The Berkeley Visible Image Tube (BVIT) has been a user instrument on the SALT 10-m telescope for the past six years. It can observe transient astrophysical phenomena occurring on time-scales of micro-seconds. This overview presented some recent observations of a dMe flare star, and discussed the recent results of our optical Search for Extraterrestrial Intelligence (OSETI) around nearby exoplanet-hosting stars.
The yields of spring barley during a medium-term (7 years) compost and slurry addition experiment and the soil carbon (C) and nitrogen (N) contents, bacterial community structure, soil microbial biomass and soil respiration rates have been determined to assess the effects of repeated, and in some cases very large, organic amendments on soil and crop parameters. For compost, total additions were equivalent to up to 119 t C/ha and 1·7 t N/ha and for slurry they were 25 t C/ha and 0·35 t N/ha over 7 years, which represented very large additions compared to control soil C and N contents (69 t C/ha and 0·3 t N/ha in the 0–30 cm soil depth). There was an initial positive response to compost and slurry addition on barley yield, but over the experiment the yield differential between the amounts of compost addition declined, indicating that repeated addition of compost at a lower rate over several years had the same cumulative effect as a large single compost application. By the end of the experiment it was clear that the addition of compost and slurry increased soil C and N contents, especially towards the top of the soil profile, as well as soil respiration rates. However, the increases in soil C and N contents were not proportional to the amount of C and N added, suggesting either that: (i) a portion of the added C and N was more vulnerable to loss; (ii) that its addition rendered another C or N pool in the soil more susceptible to loss; or (iii) that the C inputs from additional crop productivity did not increase in line with the organic amendments. Soil microbial biomass was depressed at the highest rate of organic amendment, and whilst this may have been due to genuine toxic or inhibitory effects of large amounts of compost, it could also be due to the inaccuracy of the substrate-induced respiration approach used for determining soil biomass when there is a large supply of organic matter. At the highest compost addition, the bacterial community structure was significantly altered, suggesting that the amendments significantly altered soil community dynamics.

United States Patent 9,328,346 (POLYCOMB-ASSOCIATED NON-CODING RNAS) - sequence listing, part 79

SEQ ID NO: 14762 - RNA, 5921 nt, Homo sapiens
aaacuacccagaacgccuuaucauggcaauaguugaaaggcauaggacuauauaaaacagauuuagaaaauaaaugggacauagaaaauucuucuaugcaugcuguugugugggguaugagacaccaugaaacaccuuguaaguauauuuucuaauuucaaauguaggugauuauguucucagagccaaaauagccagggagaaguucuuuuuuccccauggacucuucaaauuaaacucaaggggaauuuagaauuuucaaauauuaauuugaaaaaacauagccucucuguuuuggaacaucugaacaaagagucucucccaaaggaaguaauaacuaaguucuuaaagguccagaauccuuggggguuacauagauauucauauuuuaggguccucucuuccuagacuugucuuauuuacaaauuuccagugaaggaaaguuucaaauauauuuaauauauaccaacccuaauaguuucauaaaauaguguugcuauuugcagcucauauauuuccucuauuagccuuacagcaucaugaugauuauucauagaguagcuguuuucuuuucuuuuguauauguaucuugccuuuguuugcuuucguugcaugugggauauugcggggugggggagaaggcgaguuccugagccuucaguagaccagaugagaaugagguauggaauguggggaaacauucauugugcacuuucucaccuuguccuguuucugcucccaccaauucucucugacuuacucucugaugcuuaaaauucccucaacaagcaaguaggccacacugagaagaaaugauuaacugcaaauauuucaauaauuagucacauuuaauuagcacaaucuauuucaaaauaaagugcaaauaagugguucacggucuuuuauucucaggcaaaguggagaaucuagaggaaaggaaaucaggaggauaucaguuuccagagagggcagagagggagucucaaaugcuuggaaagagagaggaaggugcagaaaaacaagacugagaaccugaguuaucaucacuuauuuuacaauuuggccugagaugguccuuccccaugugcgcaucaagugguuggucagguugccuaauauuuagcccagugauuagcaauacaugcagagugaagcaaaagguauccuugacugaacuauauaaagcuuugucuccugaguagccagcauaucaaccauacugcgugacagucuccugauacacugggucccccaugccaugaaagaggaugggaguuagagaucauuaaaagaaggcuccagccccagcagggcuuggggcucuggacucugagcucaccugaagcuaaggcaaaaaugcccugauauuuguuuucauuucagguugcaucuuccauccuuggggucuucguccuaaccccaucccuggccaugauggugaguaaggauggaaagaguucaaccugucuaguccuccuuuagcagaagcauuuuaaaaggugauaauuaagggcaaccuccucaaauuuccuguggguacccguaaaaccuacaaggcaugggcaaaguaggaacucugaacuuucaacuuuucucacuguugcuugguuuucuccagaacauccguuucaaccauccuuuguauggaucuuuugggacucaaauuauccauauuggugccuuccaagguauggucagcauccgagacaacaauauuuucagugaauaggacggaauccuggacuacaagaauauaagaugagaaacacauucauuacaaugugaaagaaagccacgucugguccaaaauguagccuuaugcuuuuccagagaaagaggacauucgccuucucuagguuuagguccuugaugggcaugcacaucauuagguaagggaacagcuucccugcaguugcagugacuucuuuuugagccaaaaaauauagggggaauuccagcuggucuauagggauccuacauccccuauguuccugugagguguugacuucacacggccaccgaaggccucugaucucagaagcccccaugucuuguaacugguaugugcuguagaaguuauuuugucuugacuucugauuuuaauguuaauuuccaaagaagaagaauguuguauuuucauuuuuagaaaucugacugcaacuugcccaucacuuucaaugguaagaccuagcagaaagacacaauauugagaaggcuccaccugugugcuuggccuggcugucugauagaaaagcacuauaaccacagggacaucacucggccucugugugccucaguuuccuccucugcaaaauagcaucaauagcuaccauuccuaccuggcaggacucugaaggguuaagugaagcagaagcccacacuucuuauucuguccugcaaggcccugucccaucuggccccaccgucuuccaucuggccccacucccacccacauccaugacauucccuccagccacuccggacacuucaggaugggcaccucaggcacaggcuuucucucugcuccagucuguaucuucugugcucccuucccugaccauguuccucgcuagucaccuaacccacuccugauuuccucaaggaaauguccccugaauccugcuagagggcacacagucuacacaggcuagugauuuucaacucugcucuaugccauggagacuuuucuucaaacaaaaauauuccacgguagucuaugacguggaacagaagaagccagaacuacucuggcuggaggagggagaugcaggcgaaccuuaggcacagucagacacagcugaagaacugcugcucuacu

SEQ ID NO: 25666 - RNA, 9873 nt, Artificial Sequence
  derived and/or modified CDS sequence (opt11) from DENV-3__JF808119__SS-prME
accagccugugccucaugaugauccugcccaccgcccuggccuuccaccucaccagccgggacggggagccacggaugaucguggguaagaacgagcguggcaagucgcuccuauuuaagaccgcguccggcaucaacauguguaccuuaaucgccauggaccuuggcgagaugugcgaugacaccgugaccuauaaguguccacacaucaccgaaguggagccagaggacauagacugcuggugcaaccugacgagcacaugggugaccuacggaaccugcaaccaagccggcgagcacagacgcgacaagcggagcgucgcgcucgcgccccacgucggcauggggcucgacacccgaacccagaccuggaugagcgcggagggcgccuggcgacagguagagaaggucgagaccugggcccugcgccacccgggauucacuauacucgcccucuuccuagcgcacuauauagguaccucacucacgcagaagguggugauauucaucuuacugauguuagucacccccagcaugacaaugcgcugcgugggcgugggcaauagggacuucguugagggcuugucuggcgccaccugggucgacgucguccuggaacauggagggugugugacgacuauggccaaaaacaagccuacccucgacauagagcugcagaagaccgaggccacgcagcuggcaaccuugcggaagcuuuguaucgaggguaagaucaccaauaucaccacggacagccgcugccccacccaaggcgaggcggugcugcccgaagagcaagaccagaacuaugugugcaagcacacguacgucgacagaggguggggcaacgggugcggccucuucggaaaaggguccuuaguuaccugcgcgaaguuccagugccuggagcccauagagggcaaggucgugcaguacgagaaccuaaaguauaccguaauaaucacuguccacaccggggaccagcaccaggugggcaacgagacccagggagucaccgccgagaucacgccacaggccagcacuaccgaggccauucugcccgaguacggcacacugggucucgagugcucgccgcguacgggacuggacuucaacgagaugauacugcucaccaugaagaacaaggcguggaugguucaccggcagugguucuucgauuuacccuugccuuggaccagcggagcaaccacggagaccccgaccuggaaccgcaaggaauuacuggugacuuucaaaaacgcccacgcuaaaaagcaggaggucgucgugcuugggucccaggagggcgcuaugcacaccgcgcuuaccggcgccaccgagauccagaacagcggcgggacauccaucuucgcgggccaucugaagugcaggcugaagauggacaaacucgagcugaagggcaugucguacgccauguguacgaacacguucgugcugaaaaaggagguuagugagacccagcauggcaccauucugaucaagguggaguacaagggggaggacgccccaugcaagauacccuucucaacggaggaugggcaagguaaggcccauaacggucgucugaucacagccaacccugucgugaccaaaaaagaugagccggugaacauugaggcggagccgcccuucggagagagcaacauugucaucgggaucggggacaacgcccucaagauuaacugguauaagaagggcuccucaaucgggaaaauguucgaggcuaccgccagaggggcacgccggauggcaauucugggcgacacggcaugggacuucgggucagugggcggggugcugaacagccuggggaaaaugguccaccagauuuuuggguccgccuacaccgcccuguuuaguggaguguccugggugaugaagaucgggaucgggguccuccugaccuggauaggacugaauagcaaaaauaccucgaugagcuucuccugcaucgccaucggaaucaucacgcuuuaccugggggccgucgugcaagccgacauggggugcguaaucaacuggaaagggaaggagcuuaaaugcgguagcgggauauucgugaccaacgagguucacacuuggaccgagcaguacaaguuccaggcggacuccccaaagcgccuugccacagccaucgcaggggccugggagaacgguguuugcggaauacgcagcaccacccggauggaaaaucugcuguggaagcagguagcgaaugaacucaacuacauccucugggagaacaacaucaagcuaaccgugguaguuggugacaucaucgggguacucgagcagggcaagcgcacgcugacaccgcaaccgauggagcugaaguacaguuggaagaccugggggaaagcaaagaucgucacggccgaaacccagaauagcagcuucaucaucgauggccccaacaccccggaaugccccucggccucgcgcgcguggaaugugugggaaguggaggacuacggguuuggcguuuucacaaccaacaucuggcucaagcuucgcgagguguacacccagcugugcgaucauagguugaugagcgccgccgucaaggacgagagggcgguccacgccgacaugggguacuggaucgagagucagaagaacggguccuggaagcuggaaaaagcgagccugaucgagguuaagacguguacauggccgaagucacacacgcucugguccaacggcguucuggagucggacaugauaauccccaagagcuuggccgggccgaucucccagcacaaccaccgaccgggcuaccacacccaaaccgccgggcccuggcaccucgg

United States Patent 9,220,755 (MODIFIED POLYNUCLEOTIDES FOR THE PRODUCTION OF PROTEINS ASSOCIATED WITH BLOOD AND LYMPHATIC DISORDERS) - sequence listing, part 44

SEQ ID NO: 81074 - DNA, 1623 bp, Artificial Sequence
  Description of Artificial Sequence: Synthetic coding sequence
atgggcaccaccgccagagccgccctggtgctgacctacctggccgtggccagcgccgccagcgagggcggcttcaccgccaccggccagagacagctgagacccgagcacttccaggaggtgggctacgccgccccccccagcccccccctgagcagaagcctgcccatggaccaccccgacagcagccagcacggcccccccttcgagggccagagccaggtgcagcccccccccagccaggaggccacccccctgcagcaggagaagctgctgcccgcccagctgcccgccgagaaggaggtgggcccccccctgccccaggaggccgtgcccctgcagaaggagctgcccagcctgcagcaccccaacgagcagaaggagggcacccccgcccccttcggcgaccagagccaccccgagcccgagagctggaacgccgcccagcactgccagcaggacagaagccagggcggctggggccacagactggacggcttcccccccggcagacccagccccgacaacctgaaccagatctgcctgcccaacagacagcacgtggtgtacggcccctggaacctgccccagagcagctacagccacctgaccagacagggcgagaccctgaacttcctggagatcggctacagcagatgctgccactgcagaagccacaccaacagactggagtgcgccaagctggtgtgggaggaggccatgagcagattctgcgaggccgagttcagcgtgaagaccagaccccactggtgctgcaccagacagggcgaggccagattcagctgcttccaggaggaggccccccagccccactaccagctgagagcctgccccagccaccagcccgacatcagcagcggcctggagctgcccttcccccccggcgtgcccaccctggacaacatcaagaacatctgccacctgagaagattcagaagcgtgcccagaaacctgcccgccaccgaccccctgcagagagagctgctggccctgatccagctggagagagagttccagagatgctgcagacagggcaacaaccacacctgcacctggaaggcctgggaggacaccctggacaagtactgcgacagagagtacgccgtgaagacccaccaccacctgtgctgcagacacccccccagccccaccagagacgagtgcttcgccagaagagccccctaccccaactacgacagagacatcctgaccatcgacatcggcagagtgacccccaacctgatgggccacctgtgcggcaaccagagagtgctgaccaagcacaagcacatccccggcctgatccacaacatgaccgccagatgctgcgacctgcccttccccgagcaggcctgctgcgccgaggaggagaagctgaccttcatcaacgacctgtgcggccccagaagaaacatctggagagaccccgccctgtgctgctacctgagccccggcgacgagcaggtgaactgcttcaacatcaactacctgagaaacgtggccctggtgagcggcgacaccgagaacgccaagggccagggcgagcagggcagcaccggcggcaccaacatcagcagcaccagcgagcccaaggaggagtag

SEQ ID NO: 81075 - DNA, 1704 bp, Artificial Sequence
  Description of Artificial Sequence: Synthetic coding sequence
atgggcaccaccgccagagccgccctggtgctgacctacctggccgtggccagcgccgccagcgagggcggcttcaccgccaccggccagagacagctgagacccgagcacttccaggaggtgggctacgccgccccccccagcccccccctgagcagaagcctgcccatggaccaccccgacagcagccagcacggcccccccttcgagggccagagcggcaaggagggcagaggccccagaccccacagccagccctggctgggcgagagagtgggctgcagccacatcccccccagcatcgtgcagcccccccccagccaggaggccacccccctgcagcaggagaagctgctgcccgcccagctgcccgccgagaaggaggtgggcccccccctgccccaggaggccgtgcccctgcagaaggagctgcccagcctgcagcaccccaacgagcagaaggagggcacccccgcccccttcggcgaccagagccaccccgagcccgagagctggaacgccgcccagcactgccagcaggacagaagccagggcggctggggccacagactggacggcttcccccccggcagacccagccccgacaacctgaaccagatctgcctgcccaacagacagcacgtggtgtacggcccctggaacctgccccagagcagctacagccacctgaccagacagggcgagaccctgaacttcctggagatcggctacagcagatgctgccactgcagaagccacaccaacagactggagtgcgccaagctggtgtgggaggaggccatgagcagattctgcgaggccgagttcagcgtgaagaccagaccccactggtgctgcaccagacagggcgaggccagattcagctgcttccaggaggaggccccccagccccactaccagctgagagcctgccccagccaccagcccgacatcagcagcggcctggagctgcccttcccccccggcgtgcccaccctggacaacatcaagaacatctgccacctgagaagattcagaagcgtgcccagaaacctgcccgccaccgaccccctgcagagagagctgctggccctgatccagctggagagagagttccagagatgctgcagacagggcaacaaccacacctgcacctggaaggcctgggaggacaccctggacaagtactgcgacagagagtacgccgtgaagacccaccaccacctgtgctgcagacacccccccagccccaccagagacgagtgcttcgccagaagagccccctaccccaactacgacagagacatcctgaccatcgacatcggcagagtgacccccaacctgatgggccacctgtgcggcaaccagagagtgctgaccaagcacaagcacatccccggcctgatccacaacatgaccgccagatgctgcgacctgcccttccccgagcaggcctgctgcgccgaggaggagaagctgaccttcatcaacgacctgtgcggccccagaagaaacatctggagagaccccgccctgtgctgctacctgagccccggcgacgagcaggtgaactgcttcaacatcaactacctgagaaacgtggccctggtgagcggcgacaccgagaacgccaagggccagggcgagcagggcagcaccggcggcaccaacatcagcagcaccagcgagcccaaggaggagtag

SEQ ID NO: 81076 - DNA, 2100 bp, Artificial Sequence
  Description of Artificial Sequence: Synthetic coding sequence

Background: Dysembryoblastic neuroepithelial tumors (DNETs) are benign tumors of the cerebral cortex that most commonly occur in children or young adults. Seizures are a frequent presenting feature, with an incidence of 80-100%, and are often an indication for surgical resection. Methods: We performed a retrospective chart review of children with DNETs who underwent epilepsy surgery between 1998 and 2014. Results: A total of 12 subjects were identified (6 males, 6 females), all of whom had seizures prior to surgical resection. Of these patients, 1 had infantile spasms, 2 had simple partial seizures and 10 had complex partial seizures. Tumors were located in the temporal (n=7), frontal (n=3) or parietal (n=2) cortex. These patients went on to have surgery on average 15 months after seizure onset, 3 had incomplete resections. At an average follow up of 6 years 4 months, all patients were class 1 on Engel’s Classification. All but one subject with rare non-disabling seizures were seizure free, with only 6 on medication. Follow up MR imaging revealed tumor recurrence in 1 subject. Conclusions: Despite differing seizure seminology and tumor location, surgical resection of these low-grade tumors resulted in excellent seizure outcome even in the setting of incomplete tumor resection.